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Global variables not getting initialized or may be corrupted | Cypress Semiconductor

Global variables not getting initialized or may be corrupted

Summary: 4 Replies, Latest post by danaaknight on 19 Mar 2013 04:17 AM PDT
Verified Answers: 0
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rockym's picture
24 posts


I am using a global variable x, declaring it in some c1 file. This c1 file has an  interrupt code. x is altered on interrupt.

Now in some  c2 file i am using this x

extern x ;

But the x is never seen altered in C2 even it is being altered in C1 file when interrupt comes.

I have used OCD  to verify this.

Now if i put the entire C1 file code into c2 file to avoid this extern, it works fine. 

What is the scope and lifetime  of global variable?

How do i communicate between files.

I spent a whole day on this crap. 

rockym's picture
24 posts

 Found the mistake


I was doing

extern variable_name;

But it should be

extern datatype variable_name ;



extern BYTE x;

user_1377889's picture
9294 posts

... and you may spend some more days, with such a fricken bug.


I can assure you that your environment as you described it will run as expected.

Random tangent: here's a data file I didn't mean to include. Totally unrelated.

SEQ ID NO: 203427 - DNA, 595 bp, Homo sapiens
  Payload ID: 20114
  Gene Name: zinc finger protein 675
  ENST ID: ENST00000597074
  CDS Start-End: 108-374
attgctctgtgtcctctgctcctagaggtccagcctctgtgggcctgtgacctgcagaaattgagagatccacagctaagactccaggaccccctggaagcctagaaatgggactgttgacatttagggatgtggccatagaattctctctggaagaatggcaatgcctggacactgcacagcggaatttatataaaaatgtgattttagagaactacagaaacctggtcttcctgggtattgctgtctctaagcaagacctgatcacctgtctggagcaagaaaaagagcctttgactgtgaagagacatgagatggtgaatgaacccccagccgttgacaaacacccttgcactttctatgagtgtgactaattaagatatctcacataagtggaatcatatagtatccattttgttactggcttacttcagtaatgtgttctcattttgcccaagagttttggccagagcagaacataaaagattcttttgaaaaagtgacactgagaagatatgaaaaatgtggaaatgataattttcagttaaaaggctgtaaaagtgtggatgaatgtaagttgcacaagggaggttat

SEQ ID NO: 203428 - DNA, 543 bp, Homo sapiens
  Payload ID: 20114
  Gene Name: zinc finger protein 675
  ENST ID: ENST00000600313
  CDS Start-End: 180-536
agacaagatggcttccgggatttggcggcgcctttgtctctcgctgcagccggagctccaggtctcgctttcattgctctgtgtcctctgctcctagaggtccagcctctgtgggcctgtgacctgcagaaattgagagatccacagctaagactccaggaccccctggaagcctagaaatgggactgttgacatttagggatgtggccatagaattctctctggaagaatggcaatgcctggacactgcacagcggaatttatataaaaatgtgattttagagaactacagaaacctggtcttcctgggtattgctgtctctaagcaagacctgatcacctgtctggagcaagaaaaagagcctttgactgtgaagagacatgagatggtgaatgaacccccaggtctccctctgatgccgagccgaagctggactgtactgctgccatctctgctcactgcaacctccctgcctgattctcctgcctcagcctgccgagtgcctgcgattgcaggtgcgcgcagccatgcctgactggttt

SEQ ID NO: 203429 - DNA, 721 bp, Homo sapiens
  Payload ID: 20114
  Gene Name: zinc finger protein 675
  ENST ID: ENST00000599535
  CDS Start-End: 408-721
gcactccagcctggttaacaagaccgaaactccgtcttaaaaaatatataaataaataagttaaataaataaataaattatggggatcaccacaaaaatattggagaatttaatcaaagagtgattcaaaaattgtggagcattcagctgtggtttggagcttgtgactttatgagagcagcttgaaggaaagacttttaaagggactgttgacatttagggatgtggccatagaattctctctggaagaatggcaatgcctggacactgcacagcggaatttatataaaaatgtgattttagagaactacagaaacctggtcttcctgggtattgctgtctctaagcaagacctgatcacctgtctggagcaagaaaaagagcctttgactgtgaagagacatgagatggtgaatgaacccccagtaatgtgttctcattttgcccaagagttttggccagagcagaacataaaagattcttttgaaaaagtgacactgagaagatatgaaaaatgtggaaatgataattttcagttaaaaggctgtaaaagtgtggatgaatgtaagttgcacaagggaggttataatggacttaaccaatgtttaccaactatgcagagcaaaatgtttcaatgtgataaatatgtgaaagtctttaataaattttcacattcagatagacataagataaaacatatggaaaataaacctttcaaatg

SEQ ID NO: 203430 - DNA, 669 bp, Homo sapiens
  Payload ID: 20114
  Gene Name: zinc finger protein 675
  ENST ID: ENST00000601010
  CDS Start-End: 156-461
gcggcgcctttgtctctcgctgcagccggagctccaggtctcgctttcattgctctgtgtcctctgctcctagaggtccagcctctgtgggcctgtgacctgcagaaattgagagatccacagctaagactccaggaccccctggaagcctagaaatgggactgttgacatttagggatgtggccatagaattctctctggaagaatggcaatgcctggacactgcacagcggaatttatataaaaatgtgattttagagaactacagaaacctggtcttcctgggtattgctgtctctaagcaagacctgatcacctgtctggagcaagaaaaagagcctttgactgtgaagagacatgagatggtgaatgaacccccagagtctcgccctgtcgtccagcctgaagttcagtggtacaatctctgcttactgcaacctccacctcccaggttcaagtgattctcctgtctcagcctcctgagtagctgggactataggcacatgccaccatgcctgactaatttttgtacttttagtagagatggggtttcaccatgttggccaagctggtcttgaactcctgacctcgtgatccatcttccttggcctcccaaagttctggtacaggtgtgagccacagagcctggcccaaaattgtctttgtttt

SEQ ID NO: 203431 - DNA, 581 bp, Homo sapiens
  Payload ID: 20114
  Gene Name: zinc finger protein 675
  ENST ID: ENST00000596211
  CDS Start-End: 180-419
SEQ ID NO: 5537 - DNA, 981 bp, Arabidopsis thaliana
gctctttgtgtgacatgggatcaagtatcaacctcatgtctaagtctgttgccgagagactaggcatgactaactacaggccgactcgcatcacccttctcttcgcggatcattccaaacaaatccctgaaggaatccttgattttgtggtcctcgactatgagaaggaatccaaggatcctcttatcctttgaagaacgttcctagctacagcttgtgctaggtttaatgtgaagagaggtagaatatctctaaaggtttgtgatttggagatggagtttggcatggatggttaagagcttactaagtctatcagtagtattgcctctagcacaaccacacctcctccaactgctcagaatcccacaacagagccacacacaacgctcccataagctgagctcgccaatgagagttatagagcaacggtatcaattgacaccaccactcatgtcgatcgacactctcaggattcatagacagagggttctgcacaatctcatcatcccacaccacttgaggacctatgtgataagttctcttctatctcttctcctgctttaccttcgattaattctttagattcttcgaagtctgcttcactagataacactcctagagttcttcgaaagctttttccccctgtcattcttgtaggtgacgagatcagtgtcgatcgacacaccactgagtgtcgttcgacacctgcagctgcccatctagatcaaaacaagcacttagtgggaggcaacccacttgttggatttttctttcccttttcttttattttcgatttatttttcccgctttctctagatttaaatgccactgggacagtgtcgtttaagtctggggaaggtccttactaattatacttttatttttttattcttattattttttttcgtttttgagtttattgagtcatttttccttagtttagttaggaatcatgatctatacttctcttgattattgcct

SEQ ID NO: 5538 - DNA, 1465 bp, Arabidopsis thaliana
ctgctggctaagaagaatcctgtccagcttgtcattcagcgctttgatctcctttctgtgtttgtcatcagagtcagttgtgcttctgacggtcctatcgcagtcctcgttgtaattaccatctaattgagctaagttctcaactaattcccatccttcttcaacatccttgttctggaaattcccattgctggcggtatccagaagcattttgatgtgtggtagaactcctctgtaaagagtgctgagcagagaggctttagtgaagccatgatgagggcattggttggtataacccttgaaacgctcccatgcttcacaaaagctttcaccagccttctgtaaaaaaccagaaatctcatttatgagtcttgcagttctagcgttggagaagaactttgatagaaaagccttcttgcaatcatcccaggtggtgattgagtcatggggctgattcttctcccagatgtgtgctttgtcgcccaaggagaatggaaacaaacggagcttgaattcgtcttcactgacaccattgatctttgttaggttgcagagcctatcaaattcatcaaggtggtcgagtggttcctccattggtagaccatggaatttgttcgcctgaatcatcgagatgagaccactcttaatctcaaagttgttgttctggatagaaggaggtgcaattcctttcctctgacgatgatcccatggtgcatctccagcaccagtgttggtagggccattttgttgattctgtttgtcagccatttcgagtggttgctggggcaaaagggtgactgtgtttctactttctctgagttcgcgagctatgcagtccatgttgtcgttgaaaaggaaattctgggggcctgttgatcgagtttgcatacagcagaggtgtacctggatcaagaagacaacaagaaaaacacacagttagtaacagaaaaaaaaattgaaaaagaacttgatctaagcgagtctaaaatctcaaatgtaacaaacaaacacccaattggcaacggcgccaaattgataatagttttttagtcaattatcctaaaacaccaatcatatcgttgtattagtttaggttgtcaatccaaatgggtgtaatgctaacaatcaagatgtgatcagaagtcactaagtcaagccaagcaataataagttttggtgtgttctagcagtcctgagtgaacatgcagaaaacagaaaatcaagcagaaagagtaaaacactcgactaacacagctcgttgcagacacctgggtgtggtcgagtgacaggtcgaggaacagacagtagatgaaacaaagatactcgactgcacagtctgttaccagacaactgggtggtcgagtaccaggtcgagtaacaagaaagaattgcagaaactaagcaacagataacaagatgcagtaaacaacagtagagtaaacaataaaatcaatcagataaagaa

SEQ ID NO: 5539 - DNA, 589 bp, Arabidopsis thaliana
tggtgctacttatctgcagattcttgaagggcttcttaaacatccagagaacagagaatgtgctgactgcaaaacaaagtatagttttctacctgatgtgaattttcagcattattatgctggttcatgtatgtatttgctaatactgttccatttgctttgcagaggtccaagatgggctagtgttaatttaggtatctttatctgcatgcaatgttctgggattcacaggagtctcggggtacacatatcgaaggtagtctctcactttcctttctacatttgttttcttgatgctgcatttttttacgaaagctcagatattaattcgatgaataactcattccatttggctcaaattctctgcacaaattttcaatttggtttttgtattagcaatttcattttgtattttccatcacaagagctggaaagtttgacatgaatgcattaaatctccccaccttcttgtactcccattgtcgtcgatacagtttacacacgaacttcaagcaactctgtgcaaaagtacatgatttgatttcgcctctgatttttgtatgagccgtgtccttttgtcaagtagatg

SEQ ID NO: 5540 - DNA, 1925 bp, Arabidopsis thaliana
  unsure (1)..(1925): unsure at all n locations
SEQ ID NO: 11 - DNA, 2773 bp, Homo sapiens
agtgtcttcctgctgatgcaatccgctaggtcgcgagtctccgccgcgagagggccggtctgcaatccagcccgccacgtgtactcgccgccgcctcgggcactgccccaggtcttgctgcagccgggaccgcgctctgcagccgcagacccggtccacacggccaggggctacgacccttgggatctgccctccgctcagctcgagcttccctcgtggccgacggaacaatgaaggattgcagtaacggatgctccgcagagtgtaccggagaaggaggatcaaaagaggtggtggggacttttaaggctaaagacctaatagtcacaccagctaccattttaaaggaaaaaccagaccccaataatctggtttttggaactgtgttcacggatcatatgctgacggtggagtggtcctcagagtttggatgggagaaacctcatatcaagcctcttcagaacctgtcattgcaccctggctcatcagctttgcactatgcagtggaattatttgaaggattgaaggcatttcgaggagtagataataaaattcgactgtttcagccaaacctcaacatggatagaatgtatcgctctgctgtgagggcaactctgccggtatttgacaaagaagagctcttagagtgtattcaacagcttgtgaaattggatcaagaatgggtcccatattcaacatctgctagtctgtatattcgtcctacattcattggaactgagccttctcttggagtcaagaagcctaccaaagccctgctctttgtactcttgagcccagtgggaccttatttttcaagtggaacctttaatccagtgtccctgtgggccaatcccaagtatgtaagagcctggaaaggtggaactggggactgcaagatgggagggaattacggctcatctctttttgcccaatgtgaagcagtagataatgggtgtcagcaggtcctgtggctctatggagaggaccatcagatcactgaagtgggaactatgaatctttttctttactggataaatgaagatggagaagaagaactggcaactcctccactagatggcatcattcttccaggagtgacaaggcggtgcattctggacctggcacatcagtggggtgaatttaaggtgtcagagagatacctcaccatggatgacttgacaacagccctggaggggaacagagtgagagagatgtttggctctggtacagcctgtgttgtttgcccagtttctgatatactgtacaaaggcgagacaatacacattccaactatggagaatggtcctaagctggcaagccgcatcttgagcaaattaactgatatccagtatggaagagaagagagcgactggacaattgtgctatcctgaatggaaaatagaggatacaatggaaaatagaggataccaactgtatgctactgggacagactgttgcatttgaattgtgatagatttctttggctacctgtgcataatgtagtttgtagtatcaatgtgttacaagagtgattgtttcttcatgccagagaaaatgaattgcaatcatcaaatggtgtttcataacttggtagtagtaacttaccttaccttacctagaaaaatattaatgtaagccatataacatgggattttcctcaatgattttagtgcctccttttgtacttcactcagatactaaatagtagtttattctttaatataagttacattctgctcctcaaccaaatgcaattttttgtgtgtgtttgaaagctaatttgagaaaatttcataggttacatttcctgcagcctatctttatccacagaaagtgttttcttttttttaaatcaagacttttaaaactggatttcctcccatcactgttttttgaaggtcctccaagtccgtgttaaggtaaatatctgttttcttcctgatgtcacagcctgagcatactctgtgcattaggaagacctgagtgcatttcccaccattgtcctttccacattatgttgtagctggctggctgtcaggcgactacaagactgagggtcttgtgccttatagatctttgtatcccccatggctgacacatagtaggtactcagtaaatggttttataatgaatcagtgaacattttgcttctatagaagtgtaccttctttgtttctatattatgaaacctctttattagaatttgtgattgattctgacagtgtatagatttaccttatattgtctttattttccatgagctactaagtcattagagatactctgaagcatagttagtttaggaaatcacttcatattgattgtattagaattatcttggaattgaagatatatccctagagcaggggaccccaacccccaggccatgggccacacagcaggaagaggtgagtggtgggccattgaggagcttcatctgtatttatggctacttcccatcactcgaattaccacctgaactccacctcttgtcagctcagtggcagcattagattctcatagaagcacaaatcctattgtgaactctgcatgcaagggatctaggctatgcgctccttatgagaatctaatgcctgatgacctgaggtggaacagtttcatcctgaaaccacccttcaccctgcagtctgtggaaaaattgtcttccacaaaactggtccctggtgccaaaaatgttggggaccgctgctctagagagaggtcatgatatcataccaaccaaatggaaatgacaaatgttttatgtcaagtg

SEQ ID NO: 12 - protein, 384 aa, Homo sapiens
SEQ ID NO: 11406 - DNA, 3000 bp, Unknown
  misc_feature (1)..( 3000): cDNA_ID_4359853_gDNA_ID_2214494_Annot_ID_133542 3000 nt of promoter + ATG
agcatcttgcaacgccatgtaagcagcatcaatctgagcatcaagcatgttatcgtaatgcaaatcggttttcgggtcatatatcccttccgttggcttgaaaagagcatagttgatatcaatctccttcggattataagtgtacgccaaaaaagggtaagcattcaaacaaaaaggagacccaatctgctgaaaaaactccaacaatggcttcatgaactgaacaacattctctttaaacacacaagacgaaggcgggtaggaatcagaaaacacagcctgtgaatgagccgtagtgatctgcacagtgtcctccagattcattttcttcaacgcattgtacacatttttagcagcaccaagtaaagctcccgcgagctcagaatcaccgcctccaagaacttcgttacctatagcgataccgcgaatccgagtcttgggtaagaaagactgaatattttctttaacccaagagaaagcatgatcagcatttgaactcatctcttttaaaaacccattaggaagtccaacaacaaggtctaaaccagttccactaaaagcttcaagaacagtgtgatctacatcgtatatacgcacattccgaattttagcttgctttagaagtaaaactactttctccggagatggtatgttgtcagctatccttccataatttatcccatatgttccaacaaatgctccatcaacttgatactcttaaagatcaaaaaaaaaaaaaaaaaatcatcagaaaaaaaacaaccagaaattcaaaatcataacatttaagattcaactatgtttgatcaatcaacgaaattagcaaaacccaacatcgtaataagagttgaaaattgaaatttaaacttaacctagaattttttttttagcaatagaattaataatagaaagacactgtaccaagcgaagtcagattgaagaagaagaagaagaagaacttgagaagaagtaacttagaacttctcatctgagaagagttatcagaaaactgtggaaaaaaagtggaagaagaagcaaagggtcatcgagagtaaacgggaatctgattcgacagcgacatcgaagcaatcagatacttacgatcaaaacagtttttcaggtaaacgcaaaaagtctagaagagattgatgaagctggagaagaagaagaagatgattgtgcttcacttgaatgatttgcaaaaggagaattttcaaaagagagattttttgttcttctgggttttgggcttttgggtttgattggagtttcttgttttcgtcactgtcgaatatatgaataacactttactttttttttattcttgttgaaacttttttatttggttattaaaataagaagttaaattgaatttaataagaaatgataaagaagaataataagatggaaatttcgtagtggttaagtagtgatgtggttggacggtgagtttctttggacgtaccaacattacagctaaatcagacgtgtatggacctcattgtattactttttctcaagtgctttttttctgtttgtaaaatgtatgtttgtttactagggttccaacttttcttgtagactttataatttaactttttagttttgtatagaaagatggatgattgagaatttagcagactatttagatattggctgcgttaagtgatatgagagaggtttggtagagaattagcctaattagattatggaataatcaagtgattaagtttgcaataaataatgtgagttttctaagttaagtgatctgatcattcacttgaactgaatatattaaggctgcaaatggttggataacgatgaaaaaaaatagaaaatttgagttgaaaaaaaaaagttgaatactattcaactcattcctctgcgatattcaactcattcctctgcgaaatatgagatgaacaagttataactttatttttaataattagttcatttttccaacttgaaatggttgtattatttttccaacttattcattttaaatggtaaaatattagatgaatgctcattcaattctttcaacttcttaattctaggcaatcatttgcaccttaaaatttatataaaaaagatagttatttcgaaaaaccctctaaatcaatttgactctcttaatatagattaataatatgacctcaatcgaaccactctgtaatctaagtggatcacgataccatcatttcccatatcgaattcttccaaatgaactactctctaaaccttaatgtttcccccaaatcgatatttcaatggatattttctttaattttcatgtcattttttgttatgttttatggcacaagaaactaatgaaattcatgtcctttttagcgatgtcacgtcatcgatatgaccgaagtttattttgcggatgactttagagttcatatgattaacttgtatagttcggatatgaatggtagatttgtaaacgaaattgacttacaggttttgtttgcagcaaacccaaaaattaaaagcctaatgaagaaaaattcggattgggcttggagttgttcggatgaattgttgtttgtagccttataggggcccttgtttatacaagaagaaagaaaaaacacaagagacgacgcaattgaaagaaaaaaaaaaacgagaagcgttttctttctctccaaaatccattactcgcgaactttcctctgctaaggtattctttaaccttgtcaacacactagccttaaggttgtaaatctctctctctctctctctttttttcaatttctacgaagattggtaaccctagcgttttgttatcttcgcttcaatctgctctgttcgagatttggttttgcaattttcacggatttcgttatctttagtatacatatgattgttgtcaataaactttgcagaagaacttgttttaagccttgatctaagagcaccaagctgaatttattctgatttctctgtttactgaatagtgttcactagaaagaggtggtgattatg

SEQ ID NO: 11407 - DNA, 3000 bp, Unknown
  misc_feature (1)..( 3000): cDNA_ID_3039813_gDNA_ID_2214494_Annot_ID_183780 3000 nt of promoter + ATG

When reducing your code to the absolute necessary (a main.c with the variable declared as volatile extern and inspecting it, a second file with a timer-isr incrementing that global var here).


Did you qualify your variable as volatile? Have a look here in my favourite online C-manual what it is for:



rjvb's picture
Cypress Employee
90 posts

When we don't declare a datatype for a variable, compiler assumes it as "int" - a 2 byte variable. In c2 file, it is being treated as "int". This will cause problems. For instance, if you try to copy this variable to a byte type variable, it will take the data from a (address+1) location of "int" variable; but the data will be actually in (address).  Try it out with a simple program and look into the .lst file. 

user_14586677's picture
7646 posts

The size of INT is compiler dependent,and varies in ANSI from one revision level

to another. Basically stating an INT should be close to the HW implementation of

the machine. In Imagcraft and HiTech 16 bits.


I saw a reference current ANSI is 4 bytes for a 32 bit platform.


The only relevancy this has to PSOC 1 is porting in and out of PSOC 1.


Regards, Dana.



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